When in doubt, buy yourself a good term life policy and invest the rest.

Photo credit: mandsprops

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7 Responses to “Does Whole Life Insurance Ever Make Sense”

  1. Jude Boudreaux |  Aug 31, 2011 at 11:16 am

    “you have no investment plan” is a horrible reason to consider whole life insurance. It’s not an investment, it is insurance. The underlying “investment” component is very expensive compared to other alternatives. Get an investment plan, and skip the expensive whole life insurance that is unnecessary for 99% of the population.

  2. Make Money Ideas |  Sep 07, 2011 at 4:24 am

    It’s a great post! In all honesty, whenever I start having doubts about self-publishing I come here and gain the motivation to keep moving forward. Thanks.

  3. Susan |  Sep 07, 2011 at 7:24 pm

    My husband, my teenaged son and myself all carry small whole life insurance policies (we got the one for our son when he was one year of age). In the case of genetic illness and the potential of becoming “uninsurable” in later years, you can sometimes add on to a policy even when you can’t buy a new one.

    We paid the premiums on our whole life policies for the first 10 years, and now we don’t pay on them. The dividends are enough to pay the policy premiums. So we get our annual statements, the value of the policies continues to grow and I pay nothing for them. I think that’s a good deal.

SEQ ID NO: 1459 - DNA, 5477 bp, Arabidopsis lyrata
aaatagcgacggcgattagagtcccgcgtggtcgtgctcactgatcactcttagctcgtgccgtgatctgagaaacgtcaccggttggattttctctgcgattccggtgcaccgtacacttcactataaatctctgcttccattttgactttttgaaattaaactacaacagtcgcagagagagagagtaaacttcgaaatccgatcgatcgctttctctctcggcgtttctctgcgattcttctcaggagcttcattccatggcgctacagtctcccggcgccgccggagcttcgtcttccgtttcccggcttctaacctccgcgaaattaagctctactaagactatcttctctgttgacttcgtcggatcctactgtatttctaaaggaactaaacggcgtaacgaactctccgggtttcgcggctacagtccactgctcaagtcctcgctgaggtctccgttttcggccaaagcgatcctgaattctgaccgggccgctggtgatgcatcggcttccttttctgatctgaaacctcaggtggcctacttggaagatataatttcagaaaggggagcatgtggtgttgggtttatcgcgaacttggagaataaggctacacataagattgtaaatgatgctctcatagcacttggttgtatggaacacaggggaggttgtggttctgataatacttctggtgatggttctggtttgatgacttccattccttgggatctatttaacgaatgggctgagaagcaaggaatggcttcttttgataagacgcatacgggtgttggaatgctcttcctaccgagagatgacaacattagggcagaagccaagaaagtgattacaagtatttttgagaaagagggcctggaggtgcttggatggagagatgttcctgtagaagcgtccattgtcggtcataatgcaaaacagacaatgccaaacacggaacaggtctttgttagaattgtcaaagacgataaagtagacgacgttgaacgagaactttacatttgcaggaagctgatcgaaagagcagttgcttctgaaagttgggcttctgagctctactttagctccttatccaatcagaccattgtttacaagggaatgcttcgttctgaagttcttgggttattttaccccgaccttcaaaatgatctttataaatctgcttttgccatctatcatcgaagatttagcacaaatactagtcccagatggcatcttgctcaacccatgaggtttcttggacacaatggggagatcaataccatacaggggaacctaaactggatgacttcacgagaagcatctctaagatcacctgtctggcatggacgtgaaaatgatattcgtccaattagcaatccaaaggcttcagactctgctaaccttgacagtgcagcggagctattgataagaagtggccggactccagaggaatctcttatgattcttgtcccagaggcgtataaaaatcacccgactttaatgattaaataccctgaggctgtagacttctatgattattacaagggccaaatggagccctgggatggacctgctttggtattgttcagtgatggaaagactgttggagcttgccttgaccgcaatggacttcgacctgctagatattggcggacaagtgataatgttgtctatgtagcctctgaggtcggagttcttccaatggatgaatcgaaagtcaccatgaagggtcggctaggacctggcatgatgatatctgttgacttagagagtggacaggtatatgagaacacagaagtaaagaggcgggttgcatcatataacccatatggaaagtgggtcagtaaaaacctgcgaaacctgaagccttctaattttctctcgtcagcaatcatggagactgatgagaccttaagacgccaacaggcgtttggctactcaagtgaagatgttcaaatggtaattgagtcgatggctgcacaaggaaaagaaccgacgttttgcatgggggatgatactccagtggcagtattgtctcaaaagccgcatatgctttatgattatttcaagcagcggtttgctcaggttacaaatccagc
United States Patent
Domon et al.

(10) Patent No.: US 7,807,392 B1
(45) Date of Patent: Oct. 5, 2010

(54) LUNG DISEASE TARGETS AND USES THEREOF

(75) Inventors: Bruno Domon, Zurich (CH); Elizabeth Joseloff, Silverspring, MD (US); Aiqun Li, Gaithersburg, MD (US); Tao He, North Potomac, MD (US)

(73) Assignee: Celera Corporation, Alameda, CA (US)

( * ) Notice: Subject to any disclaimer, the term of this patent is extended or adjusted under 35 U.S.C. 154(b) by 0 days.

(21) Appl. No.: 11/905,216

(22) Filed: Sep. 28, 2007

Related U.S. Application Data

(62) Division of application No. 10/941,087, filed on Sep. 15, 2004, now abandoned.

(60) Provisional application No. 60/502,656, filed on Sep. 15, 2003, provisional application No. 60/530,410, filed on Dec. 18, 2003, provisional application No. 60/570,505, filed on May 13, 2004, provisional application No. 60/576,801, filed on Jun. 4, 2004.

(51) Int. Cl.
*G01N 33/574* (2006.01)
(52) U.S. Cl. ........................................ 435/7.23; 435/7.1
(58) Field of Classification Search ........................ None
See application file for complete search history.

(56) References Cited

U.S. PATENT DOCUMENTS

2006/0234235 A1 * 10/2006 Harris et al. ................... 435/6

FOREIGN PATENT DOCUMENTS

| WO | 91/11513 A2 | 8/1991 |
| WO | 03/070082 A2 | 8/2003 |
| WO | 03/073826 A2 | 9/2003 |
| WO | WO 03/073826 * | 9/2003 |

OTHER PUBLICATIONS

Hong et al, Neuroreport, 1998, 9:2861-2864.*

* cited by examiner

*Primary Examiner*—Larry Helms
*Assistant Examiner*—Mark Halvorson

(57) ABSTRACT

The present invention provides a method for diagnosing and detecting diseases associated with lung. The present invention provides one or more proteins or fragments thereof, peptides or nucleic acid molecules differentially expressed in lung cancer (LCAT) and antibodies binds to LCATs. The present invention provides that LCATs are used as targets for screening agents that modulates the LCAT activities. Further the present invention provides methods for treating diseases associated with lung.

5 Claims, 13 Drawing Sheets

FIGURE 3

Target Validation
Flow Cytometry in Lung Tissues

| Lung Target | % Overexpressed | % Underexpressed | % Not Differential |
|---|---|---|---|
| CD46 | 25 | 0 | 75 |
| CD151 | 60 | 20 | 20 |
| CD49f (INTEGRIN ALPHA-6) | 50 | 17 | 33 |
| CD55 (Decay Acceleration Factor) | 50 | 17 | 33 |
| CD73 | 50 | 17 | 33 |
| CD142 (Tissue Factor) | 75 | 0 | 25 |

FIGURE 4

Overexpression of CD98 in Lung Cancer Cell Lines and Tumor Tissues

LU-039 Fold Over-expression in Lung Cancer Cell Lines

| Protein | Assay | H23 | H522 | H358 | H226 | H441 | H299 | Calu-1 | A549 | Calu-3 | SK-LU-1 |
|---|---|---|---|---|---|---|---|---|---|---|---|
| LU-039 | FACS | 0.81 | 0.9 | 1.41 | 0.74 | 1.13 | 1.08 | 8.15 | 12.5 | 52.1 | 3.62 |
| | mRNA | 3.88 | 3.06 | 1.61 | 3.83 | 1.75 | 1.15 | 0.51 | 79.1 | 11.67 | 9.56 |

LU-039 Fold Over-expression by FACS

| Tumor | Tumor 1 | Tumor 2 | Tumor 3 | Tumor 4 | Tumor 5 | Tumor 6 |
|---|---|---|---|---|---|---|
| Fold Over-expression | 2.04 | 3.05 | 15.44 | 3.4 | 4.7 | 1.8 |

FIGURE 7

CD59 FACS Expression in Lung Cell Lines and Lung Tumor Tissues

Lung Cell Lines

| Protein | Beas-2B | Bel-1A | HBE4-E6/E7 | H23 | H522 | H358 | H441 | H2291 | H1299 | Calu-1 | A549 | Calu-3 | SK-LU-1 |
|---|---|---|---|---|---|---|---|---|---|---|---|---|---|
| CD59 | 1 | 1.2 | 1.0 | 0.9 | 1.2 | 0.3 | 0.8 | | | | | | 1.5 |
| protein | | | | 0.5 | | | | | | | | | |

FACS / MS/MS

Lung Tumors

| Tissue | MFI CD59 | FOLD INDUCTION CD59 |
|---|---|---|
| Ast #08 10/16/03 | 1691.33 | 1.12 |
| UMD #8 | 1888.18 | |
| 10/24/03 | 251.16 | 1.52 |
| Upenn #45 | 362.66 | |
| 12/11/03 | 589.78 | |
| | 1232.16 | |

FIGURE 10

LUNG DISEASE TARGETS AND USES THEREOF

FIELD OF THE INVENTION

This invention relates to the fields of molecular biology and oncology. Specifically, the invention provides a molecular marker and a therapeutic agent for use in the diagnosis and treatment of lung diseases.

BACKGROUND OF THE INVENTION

They are small policies – enough to cover any funeral expenses (at any age – they don’t expire like term policies do) and leave the beneficiary a bit of cash, but it’s nowhere near what my husband and I carry in term life.

    Two different policies that fill two different needs.

  4. Susan |  Sep 07, 2011 at 7:26 pm

    Oh, and of course we have a well funded retirement account and college fund as well.

    The life insurance we carry was a good option for us and since both my whole life policy and my son’s whole life policy were purchased when we were VERY young, the premiums were/are ridiculously low.

  5. Final expense |  Dec 16, 2011 at 6:19 pm

    In my opinion time keeps change every time, so the Whole life Insurance keep matter. but most of people take this issue to lightly. Any ways i really like the way you expressed.

  6. Charlotte@TheCCI |  Aug 26, 2012 at 11:31 pm

    Whole life policies were purchased for each of my children when they were born. We have been paying on those policies for 19 and 16 years respectively. I am still paying the premiums on these policies – and thought that by now the dividends would have that covered. Guess it’s time to call the insurance company and find out what is going on! Thanks for the article it was very helpful to me!

  7. Wilson Courtney |  Nov 12, 2012 at 5:17 am

    I am so glad that I’ve found this article because I am so confuse which of these policy is the best! And now I am ready to look for this policy for it gives me peace of mind and idea. Thanks a lot!